People Helped in 2017: 274,160
Since gaining independence in 1960, Chad has suffered from political instability, social unrest, and conflicts with neighboring countries. This has left the country with poor infrastructure, an unstable government and a dire humanitarian situation, characterized by several factors: high infant mortality rate, population movements, food insecurity, disease outbreaks, and security crises. The country is also affected by the regional conflict gripping the Lake Chad basin and suffers the effects of conflict in Libya and the Central African Republic. There has been a huge increase in the number of people displaced, both internally and externally.
According to the 2017 National Nutrition Survey, global acute malnutrition stands at 18.1 percent, and severe acute malnutrition at 3.4 percent. The populations most affected are among the internally displaced, refugees, host communities, and those recently returned home after displacement.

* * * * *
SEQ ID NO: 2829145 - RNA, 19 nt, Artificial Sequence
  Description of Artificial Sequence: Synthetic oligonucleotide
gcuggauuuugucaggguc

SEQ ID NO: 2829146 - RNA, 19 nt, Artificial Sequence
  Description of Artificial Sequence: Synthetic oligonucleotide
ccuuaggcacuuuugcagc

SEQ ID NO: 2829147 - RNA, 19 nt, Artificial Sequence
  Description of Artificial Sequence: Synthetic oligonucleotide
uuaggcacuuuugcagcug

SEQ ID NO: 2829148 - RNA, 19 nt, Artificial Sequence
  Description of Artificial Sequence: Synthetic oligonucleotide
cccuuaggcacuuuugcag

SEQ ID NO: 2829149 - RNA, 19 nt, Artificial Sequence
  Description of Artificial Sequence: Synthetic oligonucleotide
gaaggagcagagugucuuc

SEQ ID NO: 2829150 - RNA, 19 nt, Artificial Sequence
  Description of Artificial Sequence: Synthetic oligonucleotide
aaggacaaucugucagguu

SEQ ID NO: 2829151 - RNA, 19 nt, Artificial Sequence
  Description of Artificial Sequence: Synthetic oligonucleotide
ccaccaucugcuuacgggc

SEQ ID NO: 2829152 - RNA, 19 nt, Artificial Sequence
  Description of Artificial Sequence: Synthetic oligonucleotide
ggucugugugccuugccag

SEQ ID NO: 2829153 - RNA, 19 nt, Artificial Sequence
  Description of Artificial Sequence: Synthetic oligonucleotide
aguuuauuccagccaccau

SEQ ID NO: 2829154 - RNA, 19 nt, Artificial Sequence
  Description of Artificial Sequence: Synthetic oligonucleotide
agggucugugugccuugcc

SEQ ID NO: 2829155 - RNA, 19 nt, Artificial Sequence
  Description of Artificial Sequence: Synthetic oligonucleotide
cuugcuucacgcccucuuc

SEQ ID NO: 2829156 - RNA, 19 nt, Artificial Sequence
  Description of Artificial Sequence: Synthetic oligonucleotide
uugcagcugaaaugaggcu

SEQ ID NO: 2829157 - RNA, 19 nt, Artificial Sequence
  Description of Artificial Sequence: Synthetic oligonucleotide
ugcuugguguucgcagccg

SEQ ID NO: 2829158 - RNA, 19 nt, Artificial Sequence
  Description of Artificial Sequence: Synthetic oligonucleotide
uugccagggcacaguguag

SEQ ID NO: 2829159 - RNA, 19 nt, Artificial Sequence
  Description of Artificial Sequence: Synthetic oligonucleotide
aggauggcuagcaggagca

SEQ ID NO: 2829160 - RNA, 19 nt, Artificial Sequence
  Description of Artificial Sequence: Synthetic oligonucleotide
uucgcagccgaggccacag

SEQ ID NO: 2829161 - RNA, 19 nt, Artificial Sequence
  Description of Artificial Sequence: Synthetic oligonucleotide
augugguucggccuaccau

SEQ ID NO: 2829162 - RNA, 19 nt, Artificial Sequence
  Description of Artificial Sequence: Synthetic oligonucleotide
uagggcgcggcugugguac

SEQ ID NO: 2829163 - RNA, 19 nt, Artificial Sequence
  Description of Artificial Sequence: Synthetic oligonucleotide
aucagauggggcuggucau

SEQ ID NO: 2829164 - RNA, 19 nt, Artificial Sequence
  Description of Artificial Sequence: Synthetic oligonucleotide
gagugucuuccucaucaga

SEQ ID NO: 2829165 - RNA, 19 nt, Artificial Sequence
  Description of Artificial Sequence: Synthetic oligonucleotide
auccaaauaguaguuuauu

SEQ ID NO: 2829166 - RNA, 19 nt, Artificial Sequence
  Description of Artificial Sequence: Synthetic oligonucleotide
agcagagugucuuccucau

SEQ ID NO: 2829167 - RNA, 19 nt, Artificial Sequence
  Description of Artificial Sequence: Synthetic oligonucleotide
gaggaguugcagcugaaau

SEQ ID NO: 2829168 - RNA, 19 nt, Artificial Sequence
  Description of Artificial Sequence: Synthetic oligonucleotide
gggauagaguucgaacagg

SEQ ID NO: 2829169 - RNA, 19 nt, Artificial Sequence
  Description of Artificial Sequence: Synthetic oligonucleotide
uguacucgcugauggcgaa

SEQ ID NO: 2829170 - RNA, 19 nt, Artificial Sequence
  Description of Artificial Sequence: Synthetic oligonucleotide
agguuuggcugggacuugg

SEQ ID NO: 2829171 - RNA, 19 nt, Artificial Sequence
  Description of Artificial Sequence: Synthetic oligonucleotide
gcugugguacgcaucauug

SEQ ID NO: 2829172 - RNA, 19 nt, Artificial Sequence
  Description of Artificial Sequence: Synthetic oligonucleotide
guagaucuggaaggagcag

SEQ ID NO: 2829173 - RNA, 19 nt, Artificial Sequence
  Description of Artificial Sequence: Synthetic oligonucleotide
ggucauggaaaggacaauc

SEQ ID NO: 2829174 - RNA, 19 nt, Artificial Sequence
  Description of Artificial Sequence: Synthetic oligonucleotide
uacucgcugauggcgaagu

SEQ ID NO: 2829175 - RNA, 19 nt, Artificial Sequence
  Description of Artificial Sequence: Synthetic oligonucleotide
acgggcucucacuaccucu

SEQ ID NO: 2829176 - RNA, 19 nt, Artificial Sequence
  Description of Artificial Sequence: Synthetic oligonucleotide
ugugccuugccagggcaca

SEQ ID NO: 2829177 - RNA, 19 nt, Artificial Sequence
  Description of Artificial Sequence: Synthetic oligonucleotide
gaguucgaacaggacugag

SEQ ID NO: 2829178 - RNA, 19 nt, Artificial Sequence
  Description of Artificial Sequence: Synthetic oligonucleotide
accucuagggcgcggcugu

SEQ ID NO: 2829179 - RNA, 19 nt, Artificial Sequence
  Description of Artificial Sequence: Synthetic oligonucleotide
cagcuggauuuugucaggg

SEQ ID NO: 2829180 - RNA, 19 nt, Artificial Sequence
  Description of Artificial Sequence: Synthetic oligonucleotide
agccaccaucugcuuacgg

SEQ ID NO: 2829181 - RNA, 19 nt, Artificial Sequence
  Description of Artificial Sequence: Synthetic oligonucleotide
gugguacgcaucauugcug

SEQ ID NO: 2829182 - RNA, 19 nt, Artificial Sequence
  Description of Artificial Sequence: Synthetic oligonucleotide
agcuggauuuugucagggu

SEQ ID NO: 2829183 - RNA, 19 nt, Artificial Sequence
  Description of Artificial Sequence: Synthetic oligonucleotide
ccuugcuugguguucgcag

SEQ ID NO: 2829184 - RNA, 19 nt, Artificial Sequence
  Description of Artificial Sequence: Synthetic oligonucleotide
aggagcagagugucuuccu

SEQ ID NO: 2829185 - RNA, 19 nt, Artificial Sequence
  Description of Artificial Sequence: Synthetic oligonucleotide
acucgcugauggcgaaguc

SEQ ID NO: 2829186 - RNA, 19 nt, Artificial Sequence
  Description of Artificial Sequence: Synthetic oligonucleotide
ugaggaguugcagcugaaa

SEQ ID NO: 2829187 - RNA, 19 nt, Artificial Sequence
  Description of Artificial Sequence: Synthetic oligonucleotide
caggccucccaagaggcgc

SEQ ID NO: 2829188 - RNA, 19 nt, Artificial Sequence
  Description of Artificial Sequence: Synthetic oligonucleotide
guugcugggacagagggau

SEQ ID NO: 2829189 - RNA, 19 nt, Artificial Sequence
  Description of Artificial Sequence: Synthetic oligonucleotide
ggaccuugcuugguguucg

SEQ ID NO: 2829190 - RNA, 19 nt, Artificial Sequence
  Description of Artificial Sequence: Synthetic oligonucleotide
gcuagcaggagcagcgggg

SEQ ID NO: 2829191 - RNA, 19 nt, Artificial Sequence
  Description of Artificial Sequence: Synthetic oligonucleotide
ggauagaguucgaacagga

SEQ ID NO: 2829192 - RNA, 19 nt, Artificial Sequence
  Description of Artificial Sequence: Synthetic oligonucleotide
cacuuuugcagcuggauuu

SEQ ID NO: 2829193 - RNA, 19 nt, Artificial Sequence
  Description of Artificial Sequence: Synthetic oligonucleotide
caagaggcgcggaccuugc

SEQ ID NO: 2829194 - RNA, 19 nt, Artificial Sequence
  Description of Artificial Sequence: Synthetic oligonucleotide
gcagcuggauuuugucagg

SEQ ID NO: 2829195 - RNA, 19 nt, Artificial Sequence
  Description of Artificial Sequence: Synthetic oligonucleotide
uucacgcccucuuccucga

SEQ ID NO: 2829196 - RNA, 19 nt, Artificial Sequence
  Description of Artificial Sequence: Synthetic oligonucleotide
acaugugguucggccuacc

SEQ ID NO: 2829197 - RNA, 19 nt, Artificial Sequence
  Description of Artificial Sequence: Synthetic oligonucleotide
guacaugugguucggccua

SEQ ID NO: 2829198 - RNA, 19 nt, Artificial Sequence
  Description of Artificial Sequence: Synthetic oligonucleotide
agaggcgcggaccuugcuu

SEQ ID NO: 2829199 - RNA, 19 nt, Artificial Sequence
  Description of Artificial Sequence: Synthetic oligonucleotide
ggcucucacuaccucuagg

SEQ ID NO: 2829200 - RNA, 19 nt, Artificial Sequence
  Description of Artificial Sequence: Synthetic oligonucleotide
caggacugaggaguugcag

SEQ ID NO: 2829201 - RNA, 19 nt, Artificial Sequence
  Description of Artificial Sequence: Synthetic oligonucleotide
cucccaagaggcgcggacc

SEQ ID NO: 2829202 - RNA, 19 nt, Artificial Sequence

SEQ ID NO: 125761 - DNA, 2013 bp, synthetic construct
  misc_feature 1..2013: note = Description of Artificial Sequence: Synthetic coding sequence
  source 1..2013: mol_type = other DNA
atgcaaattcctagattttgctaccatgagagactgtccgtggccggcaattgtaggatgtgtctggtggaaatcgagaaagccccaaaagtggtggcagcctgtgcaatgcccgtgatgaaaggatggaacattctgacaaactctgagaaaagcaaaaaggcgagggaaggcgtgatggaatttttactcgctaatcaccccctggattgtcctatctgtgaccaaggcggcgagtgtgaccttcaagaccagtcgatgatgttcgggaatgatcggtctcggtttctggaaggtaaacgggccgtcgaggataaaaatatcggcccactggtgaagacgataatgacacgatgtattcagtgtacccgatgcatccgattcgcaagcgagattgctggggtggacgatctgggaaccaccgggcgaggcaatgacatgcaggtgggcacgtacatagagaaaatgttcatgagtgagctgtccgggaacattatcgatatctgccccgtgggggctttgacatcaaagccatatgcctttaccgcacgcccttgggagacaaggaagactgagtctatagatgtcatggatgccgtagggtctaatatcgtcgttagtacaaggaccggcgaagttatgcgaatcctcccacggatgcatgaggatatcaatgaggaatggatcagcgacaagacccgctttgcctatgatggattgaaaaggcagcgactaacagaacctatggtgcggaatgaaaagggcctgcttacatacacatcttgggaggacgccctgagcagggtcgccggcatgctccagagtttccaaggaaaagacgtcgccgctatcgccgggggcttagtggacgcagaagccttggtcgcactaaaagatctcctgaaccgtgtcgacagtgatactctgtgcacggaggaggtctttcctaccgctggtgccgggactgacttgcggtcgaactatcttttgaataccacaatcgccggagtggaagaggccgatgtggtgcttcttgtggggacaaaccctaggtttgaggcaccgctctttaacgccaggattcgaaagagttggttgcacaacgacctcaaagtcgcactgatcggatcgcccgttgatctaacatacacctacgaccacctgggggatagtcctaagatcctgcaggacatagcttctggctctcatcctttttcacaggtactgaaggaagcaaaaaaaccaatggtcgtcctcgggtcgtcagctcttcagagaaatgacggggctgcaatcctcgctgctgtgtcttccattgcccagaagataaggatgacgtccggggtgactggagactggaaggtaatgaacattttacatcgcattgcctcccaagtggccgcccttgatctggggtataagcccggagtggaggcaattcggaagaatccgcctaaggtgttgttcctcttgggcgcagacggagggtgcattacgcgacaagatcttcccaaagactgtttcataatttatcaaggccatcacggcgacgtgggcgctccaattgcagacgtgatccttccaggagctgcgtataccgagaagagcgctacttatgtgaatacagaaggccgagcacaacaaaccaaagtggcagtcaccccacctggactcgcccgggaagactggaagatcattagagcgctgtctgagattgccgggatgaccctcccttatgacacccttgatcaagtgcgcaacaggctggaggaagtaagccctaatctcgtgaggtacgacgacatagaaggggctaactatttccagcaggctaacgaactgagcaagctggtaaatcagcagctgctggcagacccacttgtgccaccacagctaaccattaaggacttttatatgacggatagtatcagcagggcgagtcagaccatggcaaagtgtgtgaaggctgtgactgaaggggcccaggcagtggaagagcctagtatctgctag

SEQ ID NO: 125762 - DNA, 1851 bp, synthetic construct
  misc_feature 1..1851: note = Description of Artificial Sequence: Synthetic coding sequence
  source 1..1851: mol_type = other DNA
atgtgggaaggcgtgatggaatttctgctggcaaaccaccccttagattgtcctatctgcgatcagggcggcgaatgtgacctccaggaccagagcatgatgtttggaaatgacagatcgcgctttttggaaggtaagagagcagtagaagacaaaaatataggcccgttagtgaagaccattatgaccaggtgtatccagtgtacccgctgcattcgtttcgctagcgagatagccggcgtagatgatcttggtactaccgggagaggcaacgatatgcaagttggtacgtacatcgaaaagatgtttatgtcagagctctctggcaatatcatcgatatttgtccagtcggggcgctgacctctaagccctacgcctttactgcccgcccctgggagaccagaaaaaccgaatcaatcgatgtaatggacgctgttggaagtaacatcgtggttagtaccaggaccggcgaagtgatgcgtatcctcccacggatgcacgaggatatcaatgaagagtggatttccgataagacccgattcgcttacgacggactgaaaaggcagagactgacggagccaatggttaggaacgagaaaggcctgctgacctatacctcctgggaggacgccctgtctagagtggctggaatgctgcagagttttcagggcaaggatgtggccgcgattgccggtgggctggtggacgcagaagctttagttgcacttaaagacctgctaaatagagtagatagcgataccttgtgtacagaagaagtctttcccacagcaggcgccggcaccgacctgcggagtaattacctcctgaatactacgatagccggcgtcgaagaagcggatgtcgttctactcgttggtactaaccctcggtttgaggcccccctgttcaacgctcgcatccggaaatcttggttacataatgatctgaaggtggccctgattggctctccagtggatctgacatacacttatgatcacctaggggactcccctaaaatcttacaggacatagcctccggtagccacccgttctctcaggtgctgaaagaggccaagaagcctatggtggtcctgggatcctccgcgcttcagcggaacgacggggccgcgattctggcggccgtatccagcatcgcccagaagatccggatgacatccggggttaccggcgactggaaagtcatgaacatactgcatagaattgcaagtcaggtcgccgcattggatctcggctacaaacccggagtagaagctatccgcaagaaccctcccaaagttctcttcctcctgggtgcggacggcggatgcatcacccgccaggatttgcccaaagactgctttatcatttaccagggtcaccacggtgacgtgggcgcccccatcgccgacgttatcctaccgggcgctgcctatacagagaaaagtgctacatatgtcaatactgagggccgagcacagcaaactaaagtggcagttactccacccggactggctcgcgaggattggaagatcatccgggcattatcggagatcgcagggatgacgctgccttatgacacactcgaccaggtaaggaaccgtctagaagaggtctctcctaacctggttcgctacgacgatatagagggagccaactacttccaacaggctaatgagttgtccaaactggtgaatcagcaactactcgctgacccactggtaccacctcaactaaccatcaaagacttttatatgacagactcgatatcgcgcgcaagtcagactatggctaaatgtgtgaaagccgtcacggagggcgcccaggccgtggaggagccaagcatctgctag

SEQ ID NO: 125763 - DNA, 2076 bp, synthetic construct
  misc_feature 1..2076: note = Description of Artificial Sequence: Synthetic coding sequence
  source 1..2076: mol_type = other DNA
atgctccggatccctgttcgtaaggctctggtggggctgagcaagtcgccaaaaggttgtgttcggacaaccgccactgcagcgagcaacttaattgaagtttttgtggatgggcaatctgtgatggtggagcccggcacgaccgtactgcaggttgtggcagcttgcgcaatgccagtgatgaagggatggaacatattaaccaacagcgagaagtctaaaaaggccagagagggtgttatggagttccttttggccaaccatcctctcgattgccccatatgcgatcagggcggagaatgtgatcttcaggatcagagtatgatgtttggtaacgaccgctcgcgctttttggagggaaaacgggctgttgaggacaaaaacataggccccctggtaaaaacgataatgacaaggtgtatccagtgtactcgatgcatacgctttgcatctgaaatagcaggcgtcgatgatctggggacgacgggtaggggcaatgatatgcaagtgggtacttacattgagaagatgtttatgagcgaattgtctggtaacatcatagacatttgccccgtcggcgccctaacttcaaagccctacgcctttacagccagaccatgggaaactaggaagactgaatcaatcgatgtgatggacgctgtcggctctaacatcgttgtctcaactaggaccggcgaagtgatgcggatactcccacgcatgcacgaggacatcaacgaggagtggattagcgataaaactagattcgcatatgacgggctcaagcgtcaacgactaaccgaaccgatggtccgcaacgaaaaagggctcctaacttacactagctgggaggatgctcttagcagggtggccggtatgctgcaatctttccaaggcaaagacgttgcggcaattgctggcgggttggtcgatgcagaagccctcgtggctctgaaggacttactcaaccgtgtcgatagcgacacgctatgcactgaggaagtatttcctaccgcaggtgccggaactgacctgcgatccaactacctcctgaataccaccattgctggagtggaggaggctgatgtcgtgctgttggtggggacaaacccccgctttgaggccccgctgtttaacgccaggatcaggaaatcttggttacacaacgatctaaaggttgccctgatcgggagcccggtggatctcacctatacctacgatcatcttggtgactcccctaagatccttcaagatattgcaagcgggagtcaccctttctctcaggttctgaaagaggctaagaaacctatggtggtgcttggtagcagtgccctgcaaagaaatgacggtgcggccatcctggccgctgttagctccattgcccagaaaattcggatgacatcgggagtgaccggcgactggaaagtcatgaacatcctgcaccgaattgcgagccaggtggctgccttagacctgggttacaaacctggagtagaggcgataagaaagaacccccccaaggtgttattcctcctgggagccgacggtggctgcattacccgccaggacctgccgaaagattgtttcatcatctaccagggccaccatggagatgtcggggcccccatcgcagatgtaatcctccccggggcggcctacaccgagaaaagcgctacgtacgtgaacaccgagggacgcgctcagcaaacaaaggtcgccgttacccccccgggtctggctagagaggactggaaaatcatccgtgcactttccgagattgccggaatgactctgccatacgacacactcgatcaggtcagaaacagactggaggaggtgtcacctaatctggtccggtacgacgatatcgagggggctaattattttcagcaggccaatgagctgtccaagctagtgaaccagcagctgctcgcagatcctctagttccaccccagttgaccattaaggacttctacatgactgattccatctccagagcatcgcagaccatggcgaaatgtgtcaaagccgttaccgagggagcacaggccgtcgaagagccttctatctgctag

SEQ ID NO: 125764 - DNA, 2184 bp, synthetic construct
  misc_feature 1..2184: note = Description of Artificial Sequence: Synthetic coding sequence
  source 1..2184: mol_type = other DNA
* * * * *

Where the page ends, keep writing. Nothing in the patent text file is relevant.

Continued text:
In 2017, we continued our food security, mental health support, water and sanitation programs, as well as health and nutrition programs for children under five and pregnant and lactating women in Grand Kanem. In the Lake Chad region, our teams conducted assessments and provided water, sanitation and hygiene assistance. We also launched an emergency water, sanitation, and hygiene response to combat a cholera epidemic in the Salamat region of eastern Chad.
Our advocacy work focused on reducing mother-and-child mortality. In cooperation with OCHA, we advocated in support of humanitarian principles, improved accountability for humanitarian actors, and crosscutting beneficiary protection.